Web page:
May 19, 2015

Xeriscape Plant Profile: Silver-edged Horehound

It's the leaves of this xeric ground cover that people find attractive but it's the inconspicuous white flowers that the bees love, as they do any in the mint family. In the Backyard, Silver-Edged Horehound (Marrubium rotundifolium) is planted next to some Lamb's Ear (Stachys byzantina) and is almost easy to overlook. Like the Lamb's Ear, the leaves are pale green with white fuzz but while the Lamb's Ear is an aggressive spreader, the horehound maintains it's tidy 2-foot square area in the garden. It is mat-forming, less than a foot high even in flower, so enjoys a front-edge-of-the-garden place where it can be enjoyed. It thrives in the full Colorado sun, heat and dryness, although its position at the edge of the garden means that it occasionally gets supplemental moisture from watering the lawn.
A photo posted by BBHB (@backyardbee) on


Happily the rabbits are not interested in it and this one is over 15 years old, proving that it is a long-lived perennial. This particular clump has been moved a couple of times, so it's doesn't mind being transplanted. I don't think it's picky about soil either but whenever I dig a new hole, I remove some of the clay (I can't stand our native soil) and I work in some compost and a sprinkling of HydroSource. I firmly believe in these water-absorbing crystals to both absorb inordinate amounts of water when it rains (because if it rains it POURS here) and to release that precious moisture when the heat comes (which it does with equal vengeance). The horehound takes the wild swings completely unfazed.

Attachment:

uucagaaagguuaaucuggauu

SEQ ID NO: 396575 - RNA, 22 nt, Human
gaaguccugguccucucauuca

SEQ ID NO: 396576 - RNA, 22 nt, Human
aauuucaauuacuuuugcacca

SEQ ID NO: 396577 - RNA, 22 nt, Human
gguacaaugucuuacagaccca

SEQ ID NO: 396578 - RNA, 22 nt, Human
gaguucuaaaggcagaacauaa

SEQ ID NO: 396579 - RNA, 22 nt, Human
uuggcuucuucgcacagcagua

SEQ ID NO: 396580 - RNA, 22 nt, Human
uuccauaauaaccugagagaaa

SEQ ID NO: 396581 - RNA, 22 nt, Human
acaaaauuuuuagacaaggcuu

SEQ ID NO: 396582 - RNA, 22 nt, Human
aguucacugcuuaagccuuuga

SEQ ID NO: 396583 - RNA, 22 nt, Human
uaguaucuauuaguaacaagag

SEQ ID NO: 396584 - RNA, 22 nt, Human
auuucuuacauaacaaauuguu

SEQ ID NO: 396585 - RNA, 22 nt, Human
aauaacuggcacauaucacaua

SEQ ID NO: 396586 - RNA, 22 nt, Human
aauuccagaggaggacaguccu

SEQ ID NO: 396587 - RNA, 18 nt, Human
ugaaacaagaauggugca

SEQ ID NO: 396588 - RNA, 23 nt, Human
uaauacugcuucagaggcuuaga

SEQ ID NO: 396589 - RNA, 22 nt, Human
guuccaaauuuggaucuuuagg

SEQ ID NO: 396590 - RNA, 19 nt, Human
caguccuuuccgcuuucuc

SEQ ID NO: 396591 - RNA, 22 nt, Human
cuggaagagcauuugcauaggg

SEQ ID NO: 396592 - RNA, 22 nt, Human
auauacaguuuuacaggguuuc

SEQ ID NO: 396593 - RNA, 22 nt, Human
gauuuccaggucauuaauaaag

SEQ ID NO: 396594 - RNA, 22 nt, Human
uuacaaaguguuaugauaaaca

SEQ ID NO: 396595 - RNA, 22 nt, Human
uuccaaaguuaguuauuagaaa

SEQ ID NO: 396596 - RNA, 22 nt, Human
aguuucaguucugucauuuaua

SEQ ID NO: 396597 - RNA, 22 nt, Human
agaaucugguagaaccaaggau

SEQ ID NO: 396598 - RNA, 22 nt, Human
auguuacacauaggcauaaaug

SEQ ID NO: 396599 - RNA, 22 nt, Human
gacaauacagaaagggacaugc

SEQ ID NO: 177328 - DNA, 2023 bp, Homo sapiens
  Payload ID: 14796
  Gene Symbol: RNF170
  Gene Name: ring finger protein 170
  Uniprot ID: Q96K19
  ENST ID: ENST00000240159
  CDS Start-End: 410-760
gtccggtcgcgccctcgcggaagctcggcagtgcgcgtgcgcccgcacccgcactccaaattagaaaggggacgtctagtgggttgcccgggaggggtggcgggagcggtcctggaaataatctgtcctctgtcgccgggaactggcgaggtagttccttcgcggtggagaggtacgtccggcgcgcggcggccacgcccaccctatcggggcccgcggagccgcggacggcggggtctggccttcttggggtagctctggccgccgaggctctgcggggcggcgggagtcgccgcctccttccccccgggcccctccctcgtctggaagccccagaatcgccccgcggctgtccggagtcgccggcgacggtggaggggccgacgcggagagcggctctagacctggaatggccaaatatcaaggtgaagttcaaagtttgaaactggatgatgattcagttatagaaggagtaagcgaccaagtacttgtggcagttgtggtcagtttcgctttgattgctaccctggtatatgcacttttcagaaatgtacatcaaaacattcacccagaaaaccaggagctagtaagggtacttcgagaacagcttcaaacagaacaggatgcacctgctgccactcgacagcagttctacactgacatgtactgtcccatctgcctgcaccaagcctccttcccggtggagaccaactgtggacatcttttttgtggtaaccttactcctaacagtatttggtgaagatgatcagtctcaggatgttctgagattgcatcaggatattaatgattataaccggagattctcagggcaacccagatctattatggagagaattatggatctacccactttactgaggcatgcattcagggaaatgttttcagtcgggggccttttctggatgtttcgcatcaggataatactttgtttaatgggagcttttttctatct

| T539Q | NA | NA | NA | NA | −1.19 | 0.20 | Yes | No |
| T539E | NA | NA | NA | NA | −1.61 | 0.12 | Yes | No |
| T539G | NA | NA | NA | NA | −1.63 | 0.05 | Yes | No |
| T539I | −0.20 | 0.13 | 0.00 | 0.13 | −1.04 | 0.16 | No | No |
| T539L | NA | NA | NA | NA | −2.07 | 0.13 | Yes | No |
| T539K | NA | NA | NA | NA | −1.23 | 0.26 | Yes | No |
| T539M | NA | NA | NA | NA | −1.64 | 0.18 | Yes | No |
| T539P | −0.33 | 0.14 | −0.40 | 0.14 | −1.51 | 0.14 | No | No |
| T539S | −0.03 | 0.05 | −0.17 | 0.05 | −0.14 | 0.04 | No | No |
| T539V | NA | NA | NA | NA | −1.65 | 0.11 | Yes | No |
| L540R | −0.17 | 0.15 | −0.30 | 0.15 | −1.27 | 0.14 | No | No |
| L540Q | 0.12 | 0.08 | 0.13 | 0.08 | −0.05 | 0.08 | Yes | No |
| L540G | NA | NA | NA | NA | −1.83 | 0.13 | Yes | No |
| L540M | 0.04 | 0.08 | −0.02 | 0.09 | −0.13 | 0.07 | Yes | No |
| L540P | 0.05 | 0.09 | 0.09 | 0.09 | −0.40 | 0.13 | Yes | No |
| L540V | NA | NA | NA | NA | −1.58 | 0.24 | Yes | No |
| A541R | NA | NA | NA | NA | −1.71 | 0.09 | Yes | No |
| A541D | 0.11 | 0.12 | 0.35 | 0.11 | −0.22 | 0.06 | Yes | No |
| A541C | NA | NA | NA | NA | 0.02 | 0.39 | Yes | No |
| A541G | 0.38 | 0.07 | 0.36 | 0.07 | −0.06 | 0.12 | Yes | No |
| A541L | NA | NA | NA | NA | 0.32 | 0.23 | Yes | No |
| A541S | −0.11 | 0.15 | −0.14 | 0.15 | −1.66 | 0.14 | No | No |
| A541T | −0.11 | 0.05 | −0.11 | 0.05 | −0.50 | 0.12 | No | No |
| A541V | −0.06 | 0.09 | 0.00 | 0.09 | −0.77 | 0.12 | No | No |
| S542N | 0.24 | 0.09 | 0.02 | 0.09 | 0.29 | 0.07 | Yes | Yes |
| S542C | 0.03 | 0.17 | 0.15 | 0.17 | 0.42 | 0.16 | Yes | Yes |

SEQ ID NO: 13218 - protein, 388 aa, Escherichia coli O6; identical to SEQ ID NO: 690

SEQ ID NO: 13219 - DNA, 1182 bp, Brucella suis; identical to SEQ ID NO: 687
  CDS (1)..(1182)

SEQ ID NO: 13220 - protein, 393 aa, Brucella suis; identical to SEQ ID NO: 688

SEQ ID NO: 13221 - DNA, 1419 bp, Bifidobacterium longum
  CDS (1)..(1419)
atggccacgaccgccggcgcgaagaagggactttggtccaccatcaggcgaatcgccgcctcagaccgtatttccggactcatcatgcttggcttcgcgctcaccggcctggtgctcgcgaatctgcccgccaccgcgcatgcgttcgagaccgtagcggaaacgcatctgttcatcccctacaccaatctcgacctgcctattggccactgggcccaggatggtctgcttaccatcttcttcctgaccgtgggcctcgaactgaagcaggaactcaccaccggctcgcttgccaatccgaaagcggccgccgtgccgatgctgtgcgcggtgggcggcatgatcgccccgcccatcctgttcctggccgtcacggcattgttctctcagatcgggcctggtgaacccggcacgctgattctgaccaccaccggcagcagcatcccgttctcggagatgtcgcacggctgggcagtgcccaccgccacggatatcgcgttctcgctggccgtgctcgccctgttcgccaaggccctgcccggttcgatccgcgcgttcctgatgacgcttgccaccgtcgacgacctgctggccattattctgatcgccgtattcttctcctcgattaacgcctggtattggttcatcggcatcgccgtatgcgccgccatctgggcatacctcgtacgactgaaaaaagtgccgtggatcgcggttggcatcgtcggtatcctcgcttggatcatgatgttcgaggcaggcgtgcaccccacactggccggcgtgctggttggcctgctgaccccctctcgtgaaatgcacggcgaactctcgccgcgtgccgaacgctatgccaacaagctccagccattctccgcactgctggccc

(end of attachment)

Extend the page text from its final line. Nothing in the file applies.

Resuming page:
Other xeric plants that make great pairings with it include deep-green leaved Salvia × sylvestris 'May Night', less intense in presence Salvia officinalis 'Purpurascens', and the 2015 Perennial Plant of the Year, Geranium x cantabrigiense ‘Biokovo’. They all bloom later, a good distraction from the need to deadhead the horehound, and the bees love them all.

The light on an overcast day brings out blue tones in the leaves.
If you can't find it at Timberline Gardens or your local nursery, a great mail order source is High Country Gardens.
Full sun brings out a warmer color tone. At Kendrick lake it is paired with a creeping veronica.

April 24, 2015

They Had Me at Honey

Photo Credit:  Annette Slade Photography
The REHYDRATOR ingredient list is cherry, aloe, cranberry, lime, and honey. 'nuff said. We ordered two.

A pretty drink which, strangely, I did not Instagram, I think it's the red one in the background. We were served drinks that looked like the yellow one in the foreground, I think. It's all kind of of a blur. Whatever it looked like, I took a sip… and then another. There was something in it that I could not identify. "What does aloe taste like?" I asked. I took one more sip. And then I knew. The thing that I could not identify was alcohol, lots of proofy alcohol. It wasn't the taste of alcohol that I identified, though. It was my heart that I felt, starting to pound, pound, pound. What ensued was a bad case of Asian Flush. So bad that I contemplated using my EpiPen.